When writing this, we have 28 questions tagged hard-science (including mistagged ones) this year. In comparison, we had 1040 questions since the 1st of january. That's less than 5%.

Meanwhile, what do we do with these kind of questions?

  • People constantly reminding to not use , or at the same time.
  • People nagging at each other telling that no hard-science answer can be found, often leading to closure and down votes3.
  • Moderators having to add the "hard-science" banner manually. I haven't asked on meta to add the feature of linking automatically a banner along with a tag4. But it hasn't been added on 20 (out of the 50 newest) questions with the tag, therefore I'm p'etty sure this issue is still in the news.

While I know I'm not into hard-science -like, at all-, this does feel like a lot of efforts for this small faction of questions. Questions which are often misused by its querents, and efforts which could be put elsewhere.

The first two points also strongly hint the tag's rules can create bad mood. As I know that mechanics offered to a user (or player in my expertise5) can induce specific behaviors, I do conclude the tag's current rules plays a major part in those two points. We shouldn't be arguing just because a question has a tag or not. But the fact is, the tag's current rules create quite a bit of not-always justified actions and reactions. Why? Because...

There has been too much focus on the tag

Last but not certainly not least : I think everyone here forgot that tags are not the question's content. It's blindingly obvious when I read answers here. Let's remind what tags are with the help-center :

A tag is a word or phrase that describes the topic of the question. Tags are a means of connecting experts with questions they will be able to answer by sorting questions into specific, well-defined categories.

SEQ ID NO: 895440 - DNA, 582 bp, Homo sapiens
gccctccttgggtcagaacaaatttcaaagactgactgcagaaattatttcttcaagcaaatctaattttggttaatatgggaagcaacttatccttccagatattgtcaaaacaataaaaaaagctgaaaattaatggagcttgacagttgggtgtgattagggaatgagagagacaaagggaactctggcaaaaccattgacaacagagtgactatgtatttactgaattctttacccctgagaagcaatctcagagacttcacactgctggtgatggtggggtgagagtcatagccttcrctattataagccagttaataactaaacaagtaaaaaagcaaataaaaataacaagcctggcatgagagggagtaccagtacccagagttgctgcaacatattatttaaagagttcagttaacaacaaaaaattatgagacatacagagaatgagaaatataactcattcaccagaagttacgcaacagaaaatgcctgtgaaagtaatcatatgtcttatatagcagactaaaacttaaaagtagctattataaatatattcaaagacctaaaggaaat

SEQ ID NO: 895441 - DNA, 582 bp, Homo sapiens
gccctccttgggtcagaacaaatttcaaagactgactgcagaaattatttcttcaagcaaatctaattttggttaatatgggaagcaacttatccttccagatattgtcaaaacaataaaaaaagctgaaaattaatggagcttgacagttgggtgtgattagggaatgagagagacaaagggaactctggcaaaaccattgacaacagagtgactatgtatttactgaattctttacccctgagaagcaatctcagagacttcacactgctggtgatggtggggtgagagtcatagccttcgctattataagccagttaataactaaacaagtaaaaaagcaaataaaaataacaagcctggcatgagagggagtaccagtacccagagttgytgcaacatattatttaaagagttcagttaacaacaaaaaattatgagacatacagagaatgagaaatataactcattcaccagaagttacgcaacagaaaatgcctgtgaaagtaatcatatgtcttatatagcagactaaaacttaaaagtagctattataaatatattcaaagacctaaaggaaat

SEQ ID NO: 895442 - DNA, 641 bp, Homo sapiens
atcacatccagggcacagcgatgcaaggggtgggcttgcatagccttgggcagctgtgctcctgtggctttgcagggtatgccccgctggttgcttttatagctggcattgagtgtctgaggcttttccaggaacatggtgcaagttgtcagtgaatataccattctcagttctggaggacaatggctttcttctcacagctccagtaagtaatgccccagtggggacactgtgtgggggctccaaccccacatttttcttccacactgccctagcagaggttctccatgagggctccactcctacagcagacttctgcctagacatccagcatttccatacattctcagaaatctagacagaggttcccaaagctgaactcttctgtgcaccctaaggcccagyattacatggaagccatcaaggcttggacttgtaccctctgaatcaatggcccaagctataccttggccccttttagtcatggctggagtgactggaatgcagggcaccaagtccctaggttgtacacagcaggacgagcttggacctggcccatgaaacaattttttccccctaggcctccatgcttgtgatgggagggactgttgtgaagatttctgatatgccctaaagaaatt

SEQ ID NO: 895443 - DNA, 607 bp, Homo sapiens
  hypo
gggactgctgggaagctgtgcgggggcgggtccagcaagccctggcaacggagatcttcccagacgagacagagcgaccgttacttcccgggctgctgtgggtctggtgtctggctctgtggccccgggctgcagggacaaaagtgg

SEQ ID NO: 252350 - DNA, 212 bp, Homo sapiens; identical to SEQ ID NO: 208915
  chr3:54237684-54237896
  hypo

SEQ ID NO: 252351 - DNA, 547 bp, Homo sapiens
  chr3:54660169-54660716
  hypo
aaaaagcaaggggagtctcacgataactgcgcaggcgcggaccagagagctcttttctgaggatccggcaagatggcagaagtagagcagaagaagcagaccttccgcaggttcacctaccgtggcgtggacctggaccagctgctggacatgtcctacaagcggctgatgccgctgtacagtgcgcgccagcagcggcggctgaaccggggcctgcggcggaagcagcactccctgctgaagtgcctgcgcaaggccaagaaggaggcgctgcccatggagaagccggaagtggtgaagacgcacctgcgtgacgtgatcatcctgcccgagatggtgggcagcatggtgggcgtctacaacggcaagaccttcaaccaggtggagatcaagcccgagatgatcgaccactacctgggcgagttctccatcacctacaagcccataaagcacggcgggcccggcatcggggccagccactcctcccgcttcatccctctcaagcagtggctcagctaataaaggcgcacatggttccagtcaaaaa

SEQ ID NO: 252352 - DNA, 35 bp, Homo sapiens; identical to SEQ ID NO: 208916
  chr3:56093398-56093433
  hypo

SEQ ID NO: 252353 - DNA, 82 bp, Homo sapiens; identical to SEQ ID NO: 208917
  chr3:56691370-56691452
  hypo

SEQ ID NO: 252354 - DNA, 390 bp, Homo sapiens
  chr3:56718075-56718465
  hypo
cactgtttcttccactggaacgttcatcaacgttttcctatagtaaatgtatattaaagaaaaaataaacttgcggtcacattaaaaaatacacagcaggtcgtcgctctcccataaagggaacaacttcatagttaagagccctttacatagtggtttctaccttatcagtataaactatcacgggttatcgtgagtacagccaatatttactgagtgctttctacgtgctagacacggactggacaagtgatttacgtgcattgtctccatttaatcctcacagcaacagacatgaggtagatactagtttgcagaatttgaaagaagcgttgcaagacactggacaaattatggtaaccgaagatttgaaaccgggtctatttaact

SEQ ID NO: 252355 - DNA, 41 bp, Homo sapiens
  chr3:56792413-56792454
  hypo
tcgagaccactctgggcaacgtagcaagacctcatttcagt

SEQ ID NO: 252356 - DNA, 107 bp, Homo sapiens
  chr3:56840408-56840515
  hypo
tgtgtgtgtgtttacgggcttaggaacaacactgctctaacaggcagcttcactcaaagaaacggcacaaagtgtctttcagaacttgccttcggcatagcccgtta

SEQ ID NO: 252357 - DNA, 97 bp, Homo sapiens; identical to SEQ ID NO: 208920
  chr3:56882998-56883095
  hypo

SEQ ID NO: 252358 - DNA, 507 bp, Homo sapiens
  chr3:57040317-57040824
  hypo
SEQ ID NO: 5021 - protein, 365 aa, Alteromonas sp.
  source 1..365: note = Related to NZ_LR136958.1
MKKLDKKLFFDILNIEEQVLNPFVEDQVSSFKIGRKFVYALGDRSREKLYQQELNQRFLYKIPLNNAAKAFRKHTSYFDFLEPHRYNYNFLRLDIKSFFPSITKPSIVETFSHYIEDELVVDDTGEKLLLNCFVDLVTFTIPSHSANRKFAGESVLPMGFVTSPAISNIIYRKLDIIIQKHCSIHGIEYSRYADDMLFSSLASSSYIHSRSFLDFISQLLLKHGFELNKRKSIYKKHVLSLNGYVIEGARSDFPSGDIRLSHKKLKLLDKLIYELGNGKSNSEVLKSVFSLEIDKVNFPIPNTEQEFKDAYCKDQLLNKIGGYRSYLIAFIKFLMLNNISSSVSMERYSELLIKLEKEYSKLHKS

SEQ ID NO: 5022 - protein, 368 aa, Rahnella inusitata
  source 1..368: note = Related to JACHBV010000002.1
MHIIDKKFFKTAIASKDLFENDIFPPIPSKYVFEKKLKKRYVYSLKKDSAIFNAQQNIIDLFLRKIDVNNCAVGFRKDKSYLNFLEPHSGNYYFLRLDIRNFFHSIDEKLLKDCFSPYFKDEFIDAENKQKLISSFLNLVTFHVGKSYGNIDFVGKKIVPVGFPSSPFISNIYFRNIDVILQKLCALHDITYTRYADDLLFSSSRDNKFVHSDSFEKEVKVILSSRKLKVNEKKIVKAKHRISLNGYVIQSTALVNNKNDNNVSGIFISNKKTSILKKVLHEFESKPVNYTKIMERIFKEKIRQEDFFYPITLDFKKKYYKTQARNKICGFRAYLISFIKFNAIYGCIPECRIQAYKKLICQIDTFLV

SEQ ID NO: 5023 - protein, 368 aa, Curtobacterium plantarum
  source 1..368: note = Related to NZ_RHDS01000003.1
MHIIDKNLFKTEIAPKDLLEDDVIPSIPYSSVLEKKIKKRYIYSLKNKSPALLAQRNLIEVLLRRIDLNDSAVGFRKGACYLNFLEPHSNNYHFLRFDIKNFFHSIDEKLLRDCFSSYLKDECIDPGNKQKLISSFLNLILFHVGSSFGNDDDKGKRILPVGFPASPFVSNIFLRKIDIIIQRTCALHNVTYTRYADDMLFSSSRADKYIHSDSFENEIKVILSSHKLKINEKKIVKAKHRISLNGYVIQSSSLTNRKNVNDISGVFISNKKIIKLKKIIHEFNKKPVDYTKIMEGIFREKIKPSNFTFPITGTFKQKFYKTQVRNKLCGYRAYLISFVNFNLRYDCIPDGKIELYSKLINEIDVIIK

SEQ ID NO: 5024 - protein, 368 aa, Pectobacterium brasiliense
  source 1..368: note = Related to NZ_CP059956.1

Tags can also be used to help you identify questions that are interesting or relevant to you.

Tags are categorizers first and foremost, with the primary goal of making questions easier to look for. The fact that everyone implied the tag was important enough that they forgot to remind the question's content is the thing to read/review first is the most troublesome issue for me. We tried to create another use of the tags by making it scope the answers. However, from the frequent ruckus I read here and there and the fact that 1/6 questions are not tagged correctly, it just does not work.

So let's cut this oozing wound once and for all with a surgeon's dexterity. While I do find the tag can be used to categorize questions about worlds relying heavily on science, its wiki content is prone to both mistakes and arguments. Let's remove this tag wiki content, but still explicitly allow people to ask questions in the hard science-fiction genre. If they want answers to be backed-up by equations and references, they will have to tell it in their question, not with a single tag.



1 : 23 received at least one downvote (vs 21 in the 50 newest questions). I am not including that data as it's very biased in having one picky-picky user downvoting questions. Plus, it's expected to have more downvotes on questions with more restrictions. More restrictions means higher standard.
2 : Like daydreaming and nightdreaming. Not that I find this talk utterly pointless, dreaming is just perhaps one of my most favorite activity 🌜🦋.